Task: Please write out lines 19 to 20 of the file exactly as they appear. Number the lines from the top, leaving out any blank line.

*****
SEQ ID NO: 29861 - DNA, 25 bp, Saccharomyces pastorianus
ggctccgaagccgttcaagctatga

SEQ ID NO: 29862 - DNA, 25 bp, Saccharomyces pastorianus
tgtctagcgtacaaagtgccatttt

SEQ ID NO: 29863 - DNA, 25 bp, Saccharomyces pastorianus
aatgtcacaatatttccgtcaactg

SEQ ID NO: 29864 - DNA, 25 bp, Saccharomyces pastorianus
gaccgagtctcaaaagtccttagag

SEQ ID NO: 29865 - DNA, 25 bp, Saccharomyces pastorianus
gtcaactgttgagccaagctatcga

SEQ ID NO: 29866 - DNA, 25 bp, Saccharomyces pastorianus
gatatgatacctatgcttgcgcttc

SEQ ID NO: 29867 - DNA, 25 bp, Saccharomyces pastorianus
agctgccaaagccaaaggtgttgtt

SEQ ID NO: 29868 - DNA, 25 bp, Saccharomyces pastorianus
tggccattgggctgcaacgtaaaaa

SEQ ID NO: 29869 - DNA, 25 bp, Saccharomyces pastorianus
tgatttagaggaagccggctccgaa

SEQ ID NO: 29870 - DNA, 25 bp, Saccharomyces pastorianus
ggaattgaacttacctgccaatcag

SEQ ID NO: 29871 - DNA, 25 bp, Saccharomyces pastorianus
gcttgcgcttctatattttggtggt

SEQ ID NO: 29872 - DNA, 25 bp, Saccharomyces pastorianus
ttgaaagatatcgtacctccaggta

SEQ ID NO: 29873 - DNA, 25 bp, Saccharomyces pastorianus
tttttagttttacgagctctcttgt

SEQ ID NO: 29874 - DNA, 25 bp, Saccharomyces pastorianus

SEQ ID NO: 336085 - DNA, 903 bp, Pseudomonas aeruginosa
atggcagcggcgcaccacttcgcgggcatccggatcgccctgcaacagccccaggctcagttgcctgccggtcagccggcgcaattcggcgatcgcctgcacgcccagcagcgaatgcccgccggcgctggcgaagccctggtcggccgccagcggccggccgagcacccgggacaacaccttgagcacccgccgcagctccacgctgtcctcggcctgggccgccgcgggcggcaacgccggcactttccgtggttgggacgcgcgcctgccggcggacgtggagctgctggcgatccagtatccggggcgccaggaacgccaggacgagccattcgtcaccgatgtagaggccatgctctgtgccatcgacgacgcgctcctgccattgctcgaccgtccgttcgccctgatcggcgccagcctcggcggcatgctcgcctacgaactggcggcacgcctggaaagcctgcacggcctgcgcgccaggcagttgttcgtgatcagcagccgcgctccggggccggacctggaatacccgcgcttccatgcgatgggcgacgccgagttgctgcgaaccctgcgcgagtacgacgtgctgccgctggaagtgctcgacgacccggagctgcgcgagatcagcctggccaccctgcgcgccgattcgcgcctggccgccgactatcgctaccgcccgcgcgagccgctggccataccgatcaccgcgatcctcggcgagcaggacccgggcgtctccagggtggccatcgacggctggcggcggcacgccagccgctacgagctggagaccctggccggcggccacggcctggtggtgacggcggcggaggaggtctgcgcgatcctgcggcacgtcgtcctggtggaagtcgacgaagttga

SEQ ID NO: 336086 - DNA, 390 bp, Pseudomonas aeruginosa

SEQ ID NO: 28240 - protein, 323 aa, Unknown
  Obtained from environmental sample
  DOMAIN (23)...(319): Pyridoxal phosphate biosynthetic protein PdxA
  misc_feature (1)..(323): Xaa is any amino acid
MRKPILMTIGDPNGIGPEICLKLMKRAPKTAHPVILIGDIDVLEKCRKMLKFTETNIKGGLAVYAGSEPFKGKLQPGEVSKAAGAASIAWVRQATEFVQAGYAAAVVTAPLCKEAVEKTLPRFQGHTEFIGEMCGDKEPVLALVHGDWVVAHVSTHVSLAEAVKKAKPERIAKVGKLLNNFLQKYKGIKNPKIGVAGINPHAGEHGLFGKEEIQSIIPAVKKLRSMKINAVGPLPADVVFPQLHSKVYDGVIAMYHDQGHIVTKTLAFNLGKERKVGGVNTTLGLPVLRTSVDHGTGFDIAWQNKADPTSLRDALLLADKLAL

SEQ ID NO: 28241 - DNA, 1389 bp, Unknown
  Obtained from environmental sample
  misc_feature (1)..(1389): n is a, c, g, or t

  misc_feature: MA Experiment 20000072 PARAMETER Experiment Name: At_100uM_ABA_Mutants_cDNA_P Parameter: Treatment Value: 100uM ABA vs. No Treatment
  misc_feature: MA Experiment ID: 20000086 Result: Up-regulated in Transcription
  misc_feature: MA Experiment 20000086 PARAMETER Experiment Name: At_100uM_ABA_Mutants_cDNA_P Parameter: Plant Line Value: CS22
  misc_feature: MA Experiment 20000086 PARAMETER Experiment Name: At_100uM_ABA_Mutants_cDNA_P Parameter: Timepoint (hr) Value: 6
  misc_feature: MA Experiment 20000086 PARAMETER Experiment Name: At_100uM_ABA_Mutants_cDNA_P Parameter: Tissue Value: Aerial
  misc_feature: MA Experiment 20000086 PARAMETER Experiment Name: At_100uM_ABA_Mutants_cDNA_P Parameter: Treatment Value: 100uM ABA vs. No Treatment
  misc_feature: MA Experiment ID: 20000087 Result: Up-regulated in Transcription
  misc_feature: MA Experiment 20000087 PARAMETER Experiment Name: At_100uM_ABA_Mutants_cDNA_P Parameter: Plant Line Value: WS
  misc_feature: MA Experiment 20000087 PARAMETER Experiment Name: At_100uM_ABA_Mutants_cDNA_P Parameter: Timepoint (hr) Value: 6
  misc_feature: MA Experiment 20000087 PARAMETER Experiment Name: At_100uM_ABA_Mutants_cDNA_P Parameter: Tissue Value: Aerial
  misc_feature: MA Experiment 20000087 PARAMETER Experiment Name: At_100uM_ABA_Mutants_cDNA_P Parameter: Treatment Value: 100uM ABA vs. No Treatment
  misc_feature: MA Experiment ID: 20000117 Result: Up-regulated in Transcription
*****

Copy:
SEQ ID NO: 29870 - DNA, 25 bp, Saccharomyces pastorianus
ggaattgaacttacctgccaatcag